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Thursday, 2 June 2011
Page: 5730

Mr GRAY (BrandSpecial Minister of State for the Public Service and Integrity and Special Minister of State) (11:21): I move:

That this bill be now read a second time.

The Financial Framework Legislation Amendment Bill (No. 1) 2011 would, if enacted, amend eight acts across five portfolios to help further clarify aspects of the Commonwealth's financial framework.

This bill is the eighth financial framework legislation amendment bill since 2004 and forms part of an ongoing program to address financial framework issues as they are identified, taking a collaborative and whole-of-government approach.

The work behind this bill has already been partially presented to parliament through the Statute Stocktake Bill (No. 1) 2011, which I tabled on 23 March 2011, to repeal 39 redundant special appropriations relating to the Commonwealth's financial framework.

The breadth of appropriation, governance and financial management issues across the government compel continued attention. For this reason, the Department of Finance and Deregulation works with all parts of government, in a culture of strong collaboration, to address statutory financial framework issues promptly.

Accordingly, this bill seeks to amend two acts in the Finance and Deregulation portfolio, but also six acts in four other portfolios. These are: the Attorney-General's portfolio; the Agriculture, Fisheries and Forestry portfolio; the Climate Change and Energy Efficiency portfolio; and the Innovation, Industry, Science and Research portfolio. Specifically, schedule 1 of the bill contains minor amendments to the Commonwealth Authorities and Companies Act 1997 to enable the content requirements for the corporate plans of government business enterprises to be specified under regulations, rather than in the act. This allows that content to be updated more readily.

Schedule 2 of the bill contains minor amendments to the Financial Management and Accountability Act 1997 (FMA Act) primarily to clarify the legal status of various legislative instruments, such as determinations, instructions, and guidelines issued under the act or under its regulations. There is also an amendment to clarify that the Auditor-General is the external auditor of FMA Act agencies.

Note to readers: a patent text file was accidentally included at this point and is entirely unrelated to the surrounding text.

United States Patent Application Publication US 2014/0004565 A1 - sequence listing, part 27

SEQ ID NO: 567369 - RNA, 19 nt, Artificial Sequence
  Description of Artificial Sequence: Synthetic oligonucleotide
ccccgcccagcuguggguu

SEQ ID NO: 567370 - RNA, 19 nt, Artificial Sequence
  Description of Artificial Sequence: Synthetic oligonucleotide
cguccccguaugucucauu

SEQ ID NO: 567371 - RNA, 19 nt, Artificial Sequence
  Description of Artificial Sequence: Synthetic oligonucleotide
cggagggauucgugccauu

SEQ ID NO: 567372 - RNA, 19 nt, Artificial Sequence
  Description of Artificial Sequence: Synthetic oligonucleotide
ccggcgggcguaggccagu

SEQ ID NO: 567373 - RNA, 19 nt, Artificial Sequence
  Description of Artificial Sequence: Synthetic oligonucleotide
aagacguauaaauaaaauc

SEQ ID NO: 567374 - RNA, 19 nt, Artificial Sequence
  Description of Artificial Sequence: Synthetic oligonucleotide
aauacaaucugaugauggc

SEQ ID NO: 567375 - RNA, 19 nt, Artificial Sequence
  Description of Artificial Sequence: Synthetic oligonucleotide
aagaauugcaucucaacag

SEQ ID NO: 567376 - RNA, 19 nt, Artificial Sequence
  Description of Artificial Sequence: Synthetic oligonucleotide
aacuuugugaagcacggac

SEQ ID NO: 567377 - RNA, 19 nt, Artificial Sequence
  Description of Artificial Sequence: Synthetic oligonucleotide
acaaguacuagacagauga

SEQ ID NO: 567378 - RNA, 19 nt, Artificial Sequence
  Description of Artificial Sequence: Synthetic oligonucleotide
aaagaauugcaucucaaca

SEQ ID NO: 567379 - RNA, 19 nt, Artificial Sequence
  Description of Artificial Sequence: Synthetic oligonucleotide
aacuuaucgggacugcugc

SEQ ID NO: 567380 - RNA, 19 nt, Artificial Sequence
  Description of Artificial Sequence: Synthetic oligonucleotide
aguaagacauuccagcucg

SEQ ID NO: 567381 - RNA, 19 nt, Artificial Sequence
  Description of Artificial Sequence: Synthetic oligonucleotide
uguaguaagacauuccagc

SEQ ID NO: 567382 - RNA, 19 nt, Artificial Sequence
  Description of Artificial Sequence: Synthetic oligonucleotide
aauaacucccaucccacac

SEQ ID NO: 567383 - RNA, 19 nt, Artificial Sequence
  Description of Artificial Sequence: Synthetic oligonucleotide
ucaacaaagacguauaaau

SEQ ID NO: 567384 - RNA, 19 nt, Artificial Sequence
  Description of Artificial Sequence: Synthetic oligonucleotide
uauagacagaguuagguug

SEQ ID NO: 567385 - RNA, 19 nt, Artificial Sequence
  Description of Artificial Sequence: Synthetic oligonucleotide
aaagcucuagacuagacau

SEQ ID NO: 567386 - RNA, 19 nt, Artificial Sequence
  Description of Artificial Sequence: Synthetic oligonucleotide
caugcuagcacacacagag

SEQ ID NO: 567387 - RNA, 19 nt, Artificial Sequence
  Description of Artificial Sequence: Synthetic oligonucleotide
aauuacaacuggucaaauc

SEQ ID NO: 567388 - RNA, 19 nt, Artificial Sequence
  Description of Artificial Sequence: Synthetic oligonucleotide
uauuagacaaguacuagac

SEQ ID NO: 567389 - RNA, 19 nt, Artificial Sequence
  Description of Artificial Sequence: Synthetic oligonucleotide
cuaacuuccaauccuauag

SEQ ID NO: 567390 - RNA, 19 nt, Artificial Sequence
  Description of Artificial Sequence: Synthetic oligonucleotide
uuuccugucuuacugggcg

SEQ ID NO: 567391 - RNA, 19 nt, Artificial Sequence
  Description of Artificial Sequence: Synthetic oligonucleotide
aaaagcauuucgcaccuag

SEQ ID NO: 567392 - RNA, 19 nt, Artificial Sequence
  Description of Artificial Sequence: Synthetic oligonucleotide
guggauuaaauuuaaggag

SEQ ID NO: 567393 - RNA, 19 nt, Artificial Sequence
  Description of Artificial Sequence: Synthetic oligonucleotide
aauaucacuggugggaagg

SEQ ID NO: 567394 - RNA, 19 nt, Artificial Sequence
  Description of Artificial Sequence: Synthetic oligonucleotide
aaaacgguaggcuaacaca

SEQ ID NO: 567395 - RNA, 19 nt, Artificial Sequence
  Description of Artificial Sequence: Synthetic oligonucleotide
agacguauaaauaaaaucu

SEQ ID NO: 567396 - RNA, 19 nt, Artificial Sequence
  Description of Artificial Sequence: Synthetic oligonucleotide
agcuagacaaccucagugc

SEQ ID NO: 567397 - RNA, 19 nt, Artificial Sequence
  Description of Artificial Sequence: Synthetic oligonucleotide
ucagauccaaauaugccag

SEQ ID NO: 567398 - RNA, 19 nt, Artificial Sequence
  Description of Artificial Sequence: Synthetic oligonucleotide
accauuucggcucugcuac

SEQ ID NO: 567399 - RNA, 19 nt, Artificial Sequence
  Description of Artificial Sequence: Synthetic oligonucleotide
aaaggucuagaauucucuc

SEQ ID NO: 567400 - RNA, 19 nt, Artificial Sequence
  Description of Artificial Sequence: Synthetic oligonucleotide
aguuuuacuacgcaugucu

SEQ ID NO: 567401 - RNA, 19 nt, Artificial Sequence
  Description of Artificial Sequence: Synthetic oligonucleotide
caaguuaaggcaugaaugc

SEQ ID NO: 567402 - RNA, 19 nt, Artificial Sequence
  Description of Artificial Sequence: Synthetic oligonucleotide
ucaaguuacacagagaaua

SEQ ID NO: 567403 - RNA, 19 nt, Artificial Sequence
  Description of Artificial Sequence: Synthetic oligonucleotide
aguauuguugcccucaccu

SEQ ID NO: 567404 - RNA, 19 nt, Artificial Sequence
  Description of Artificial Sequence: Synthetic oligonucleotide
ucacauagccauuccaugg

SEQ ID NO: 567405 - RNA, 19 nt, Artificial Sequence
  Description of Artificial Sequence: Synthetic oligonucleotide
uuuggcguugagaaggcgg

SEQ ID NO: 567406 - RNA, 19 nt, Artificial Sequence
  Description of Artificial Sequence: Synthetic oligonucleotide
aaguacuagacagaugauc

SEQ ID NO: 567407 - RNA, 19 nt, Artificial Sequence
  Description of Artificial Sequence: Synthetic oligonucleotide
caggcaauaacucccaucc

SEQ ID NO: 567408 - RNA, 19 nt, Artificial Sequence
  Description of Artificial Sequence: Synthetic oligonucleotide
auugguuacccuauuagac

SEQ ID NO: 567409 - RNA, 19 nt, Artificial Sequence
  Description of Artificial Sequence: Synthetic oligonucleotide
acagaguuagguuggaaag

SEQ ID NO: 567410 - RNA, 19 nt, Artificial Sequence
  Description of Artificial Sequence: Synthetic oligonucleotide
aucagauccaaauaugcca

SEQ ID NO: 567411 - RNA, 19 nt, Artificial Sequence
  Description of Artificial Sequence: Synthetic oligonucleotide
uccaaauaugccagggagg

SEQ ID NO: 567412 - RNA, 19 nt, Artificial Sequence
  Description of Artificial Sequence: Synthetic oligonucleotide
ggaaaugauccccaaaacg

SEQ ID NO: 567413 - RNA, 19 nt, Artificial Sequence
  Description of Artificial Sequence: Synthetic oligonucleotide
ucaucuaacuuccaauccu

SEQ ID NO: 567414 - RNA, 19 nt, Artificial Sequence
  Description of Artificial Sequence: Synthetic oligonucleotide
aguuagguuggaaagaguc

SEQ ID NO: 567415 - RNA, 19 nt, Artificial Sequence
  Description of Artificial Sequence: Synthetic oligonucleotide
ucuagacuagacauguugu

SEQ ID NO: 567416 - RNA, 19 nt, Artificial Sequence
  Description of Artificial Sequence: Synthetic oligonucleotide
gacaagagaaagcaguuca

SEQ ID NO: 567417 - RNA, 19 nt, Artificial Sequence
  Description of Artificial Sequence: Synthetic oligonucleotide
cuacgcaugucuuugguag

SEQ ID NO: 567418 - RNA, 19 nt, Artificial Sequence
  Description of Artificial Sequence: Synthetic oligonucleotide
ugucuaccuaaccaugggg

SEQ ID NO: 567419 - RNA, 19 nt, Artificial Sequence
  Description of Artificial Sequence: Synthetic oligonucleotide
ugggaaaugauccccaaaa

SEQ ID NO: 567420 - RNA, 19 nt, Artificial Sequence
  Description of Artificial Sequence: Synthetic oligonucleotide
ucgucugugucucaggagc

Schedule 3 of the bill then makes consequential amendments to the Legislative Instruments Act 2003 and removes reference to an instrument under the FMA Act that is now redundant. As a result, the matters dealing with the Legislative Instruments Act 2003 will be covered in the FMA Act alone.

Schedules 4 to 8 of the bill contain minor amendments to five acts of parliament.

These amendments seek to:

update the Wheat Export Marketing Act 2008 to clarify the scope of credits to the Wheat Exports Australia Special Account;

amend the Wine Australia Corporation Act 1980 to update the circumstances in which the Wine Australia Corporation must provide their annual operational plan to the responsible minister, and clarify the term in office of a member of the Geographical Indications Committee;

update a reference in the Renewable Energy (Electricity) Act 2000 to the 'Australian Bureau of Agricultural and Resource Economics and Sciences';

remove a redundant reference to the former name of the 'Australian Bureau of Agricultural and Resource Economics and Sciences' in the Primary Industries (Excise) Levies Act 1999; and

repeal a redundant paragraph and make technical amendments to the Science and Industry Research Act 1949.

This short bill is, accordingly, another step to help ensure that specific provisions within our financial legislation remain clear and up-to-date. I commend the bill to the House.

Debate adjourned.